Extracting meaning from data


Extracting meaning from data is the central business of the information era. ML Market is a European consortium of leading researchers that span a range of areas in information processing, data analysis, statistics and machine learning.

ML Market groups are formed from world-leading research groups within the Pascal European network that also actively engage to find business solutions to challenging real-world problems. ML Market exists to promote the academic and industrial expertise of its researchers and provides a platform to engage and broker industrial contacts.

Case Studies

Letting stones go unturned

Wéiqí, Baduk or simply, Go. Over two thousand years old, this challenging game of strategy and tactics has taught warriors, monks and intellectuals to focus, concentrate and plan. But a program is beginning to change our views of what is possible. In computer competitions this multi-armed bandit has stolen first prize more often than any other. It’s MoGo, or Monte Carlo Go.

Financial Prediction

Gaining wealth on the stock market based on statistical arbitrage is an area ripe for the application of machine learning and related methods. UCL's clients include large financial organisations that require state of the art prediction methods based on both low to high frequency trading. UCL has developed state of the art prediction methods that track market dynamics which translate into profitable portfolio allocations. Success in this area demands an understanding of the underlying dynamics of the statistics underlying markets, and also when these dynamics changes.

The Desktop Doctor

DoctorHundreds of years of medical experience. An infinite patience and the ability to take every symptom into account. Precise and logical, up-to-date, and never short on ideas. All just casually sitting on your doctor’s desk. It may not have much of a bedside manner, but then its job is not to meet patients.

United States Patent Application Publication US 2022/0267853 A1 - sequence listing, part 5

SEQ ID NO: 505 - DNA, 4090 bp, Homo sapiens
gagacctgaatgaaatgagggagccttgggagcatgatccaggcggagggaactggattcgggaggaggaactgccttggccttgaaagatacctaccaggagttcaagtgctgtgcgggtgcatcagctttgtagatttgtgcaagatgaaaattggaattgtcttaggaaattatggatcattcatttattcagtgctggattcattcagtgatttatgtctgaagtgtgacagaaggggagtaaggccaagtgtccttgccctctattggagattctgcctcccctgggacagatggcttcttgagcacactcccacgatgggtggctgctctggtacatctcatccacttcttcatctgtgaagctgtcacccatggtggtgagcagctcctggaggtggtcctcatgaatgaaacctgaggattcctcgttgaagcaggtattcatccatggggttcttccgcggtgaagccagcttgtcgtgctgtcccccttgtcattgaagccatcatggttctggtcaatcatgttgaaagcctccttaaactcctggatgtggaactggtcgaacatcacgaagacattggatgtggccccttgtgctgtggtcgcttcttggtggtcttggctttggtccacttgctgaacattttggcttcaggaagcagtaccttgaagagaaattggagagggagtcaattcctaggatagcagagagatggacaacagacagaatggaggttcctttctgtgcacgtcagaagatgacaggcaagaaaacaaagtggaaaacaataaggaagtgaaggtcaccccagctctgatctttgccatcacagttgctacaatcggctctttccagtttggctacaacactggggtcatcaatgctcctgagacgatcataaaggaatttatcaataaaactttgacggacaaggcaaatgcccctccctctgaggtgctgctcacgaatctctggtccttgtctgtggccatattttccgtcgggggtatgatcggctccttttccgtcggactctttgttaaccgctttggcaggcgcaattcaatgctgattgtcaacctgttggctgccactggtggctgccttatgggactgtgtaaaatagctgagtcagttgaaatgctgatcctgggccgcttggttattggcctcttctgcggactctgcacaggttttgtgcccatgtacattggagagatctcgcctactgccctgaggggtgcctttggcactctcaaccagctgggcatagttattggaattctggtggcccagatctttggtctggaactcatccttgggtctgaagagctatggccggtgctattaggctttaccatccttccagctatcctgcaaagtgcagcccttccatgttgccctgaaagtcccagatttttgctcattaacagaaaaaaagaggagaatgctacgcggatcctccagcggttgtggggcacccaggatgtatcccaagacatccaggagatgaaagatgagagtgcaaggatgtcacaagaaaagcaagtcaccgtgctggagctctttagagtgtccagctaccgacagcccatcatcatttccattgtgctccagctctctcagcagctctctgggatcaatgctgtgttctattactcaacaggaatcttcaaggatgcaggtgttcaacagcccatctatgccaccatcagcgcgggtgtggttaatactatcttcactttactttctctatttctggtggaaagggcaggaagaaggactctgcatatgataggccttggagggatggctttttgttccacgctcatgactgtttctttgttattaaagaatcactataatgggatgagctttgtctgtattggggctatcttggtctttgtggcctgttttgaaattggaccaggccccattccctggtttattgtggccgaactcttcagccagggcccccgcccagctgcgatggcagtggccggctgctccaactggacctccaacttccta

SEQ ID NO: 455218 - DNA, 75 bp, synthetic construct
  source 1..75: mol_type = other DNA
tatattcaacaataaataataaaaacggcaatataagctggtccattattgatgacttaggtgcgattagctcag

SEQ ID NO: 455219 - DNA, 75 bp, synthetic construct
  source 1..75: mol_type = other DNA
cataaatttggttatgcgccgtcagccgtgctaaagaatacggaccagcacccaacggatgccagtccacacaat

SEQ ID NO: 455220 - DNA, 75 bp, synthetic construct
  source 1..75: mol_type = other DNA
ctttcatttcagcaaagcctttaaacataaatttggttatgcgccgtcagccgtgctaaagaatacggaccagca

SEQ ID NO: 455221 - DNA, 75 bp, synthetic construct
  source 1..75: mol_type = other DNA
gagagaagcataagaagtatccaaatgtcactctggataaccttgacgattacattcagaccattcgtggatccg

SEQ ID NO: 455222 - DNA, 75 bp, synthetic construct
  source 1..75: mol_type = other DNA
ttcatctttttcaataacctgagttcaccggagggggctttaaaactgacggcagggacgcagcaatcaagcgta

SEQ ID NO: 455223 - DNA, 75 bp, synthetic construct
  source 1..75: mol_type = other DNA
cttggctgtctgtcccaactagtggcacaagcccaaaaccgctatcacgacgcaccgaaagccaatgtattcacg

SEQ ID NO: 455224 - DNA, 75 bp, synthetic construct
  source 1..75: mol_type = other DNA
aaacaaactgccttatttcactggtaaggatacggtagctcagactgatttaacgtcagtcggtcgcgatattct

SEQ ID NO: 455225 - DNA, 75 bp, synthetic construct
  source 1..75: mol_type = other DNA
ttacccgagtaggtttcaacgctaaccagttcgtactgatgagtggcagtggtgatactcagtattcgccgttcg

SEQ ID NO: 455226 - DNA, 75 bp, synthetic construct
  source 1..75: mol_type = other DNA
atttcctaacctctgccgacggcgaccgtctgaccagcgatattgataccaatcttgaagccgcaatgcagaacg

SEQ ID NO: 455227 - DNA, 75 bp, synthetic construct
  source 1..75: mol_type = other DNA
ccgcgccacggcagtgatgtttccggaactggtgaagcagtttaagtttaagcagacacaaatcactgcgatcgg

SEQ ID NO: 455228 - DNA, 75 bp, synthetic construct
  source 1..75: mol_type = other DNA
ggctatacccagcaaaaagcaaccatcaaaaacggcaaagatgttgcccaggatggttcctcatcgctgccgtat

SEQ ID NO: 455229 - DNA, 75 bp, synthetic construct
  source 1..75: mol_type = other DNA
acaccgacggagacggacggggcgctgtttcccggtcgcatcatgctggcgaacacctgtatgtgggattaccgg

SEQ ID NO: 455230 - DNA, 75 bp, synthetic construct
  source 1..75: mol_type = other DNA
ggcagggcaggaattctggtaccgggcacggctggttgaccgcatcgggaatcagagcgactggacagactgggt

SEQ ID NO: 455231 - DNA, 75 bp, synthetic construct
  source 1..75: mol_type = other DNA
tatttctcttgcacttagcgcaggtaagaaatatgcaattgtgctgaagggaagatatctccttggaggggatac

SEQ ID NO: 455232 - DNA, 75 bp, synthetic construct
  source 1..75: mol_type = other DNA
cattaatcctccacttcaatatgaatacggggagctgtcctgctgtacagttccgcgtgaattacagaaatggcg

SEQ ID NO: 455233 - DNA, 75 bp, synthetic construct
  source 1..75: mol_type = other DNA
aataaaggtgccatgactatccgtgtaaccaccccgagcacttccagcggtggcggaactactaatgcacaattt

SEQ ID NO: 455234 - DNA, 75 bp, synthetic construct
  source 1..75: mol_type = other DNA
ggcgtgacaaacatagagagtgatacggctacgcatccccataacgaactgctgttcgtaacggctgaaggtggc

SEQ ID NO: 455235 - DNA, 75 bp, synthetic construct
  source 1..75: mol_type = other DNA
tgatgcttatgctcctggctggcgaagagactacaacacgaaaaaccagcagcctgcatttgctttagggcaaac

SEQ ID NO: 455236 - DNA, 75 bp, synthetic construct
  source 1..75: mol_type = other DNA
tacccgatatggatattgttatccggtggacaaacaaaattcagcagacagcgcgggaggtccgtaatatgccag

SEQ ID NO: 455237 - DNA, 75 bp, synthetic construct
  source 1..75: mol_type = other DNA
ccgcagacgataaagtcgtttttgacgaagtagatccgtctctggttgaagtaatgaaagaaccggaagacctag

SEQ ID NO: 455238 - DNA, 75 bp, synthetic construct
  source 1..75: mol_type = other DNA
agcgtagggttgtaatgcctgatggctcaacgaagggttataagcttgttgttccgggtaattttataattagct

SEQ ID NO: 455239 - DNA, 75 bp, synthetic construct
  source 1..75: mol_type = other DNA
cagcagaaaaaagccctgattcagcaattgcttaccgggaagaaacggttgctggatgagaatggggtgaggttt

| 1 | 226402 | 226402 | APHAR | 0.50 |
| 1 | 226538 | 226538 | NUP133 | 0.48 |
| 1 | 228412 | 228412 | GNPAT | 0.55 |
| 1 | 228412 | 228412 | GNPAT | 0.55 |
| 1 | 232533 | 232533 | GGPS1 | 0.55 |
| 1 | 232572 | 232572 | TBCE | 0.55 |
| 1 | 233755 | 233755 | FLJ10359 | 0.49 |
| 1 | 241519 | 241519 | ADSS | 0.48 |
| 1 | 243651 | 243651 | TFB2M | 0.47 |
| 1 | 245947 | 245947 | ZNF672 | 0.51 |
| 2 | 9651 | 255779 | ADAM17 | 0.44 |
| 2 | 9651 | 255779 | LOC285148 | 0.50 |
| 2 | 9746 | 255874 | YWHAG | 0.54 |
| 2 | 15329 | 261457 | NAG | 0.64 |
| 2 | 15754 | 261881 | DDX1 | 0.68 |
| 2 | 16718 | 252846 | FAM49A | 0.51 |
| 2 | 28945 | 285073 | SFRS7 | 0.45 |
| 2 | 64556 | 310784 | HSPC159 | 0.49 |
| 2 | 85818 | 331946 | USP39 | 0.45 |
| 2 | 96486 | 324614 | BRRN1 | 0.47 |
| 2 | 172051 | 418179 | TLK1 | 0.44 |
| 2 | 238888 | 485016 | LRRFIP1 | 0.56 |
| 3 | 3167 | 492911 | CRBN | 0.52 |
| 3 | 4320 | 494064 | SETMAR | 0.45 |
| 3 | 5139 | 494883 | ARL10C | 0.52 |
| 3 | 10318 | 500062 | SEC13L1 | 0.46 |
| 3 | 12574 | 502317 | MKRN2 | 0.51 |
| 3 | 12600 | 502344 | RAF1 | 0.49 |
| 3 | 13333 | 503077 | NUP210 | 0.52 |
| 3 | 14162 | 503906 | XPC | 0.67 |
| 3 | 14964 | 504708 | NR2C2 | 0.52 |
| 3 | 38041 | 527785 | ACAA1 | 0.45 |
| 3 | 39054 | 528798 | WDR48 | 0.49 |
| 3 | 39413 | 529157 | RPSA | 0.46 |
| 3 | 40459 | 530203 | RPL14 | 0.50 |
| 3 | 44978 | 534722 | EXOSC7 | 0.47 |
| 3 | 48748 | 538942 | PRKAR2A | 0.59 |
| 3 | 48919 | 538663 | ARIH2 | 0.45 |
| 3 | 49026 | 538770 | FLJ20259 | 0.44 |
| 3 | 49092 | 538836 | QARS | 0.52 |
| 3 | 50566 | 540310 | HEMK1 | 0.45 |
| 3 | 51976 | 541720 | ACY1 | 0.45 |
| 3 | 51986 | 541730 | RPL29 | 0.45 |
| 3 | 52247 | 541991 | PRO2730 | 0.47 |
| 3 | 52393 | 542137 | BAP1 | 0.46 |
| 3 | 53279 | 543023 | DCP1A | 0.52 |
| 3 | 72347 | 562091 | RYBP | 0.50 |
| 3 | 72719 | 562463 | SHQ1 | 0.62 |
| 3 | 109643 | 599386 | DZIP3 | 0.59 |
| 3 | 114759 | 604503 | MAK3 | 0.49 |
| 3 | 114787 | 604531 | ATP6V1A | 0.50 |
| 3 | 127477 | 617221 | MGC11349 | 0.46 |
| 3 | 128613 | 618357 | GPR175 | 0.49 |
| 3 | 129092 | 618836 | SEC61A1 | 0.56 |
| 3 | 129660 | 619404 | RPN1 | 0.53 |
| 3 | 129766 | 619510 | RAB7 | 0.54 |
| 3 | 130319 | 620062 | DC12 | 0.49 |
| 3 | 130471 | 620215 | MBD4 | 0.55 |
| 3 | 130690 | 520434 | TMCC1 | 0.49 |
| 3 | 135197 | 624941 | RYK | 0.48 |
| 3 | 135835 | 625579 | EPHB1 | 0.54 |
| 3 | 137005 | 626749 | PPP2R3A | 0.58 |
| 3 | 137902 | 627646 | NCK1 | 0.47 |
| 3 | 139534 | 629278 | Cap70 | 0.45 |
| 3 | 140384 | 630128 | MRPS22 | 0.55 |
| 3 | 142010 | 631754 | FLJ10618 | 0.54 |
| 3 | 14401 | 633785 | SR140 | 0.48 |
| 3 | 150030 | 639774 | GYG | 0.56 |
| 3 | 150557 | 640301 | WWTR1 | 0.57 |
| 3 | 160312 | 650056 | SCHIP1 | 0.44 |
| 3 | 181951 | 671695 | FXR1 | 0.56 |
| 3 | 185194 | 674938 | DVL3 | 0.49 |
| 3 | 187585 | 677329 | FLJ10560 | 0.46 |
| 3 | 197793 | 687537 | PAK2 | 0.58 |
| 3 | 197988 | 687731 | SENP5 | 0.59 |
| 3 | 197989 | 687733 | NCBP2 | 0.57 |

Multimodal Interaction and Adaptive Learning

Traditional Pattern Recognition (PR) and Machine Learning (ML) have generally focused on full automation; that is, in developing technologies ultimately aiming at fully replacing human beings in tasks that require complex perceptive and/or cognitive skills. However, full automation often proves elusive or unnatural in many applications where technology is expected to assist rather than replace the human agents. This asks for a paradigm shift which should place PR/ML within the framework of human interaction.

Multimodal Interaction and Adaptive Learning deals with the fundamental work needed to address the research challenges and opportunities entailed by this paradigm shift. These include: interaction analysis and modelling, multimodal processing and fusion, interactive performance estimation and measurement, and several emerging forms of machine learning that look especially promising in the interactive framework (online, adaptive, active, semi-supervised, limited feedback, reinforcement, etc.).

Statistical Machine Translation

Half of the EU citizens are not able to hold a conversation in a language other than their mother tongue, let alone to conduct a negotiation, or interpret a law. In a time of wide availability of communication technologies, language barriers are a serious bottleneck to European integration and to economic and cultural exchanges in general. More effective tools to overcome such barriers, in the form of software for machine translation and other cross-lingual textual information access tasks, are in strong demand.

Text mining

Text mining, sometimes alternately referred to as text data mining, roughly equivalent to text analytics, refers to the process of deriving high-quality information from text. High-quality information is typically derived through the divining of patterns and trends through means such as statistical pattern learning. Text mining usually involves the process of structuring the input text (usually parsing, along with the addition of some derived linguistic features and the removal of others, and subsequent insertion into a database), deriving patterns within the structured data, and finally evaluation and interpretation of the output. 'High quality' in text mining usually refers to some combination of relevance, novelty, and interestingness. Typical text mining tasks include text categorization, text clustering, concept/entity extraction, production of granular taxonomies, sentiment analysis, document summarization, and entity relation modeling (i.e., learning relations between named entities).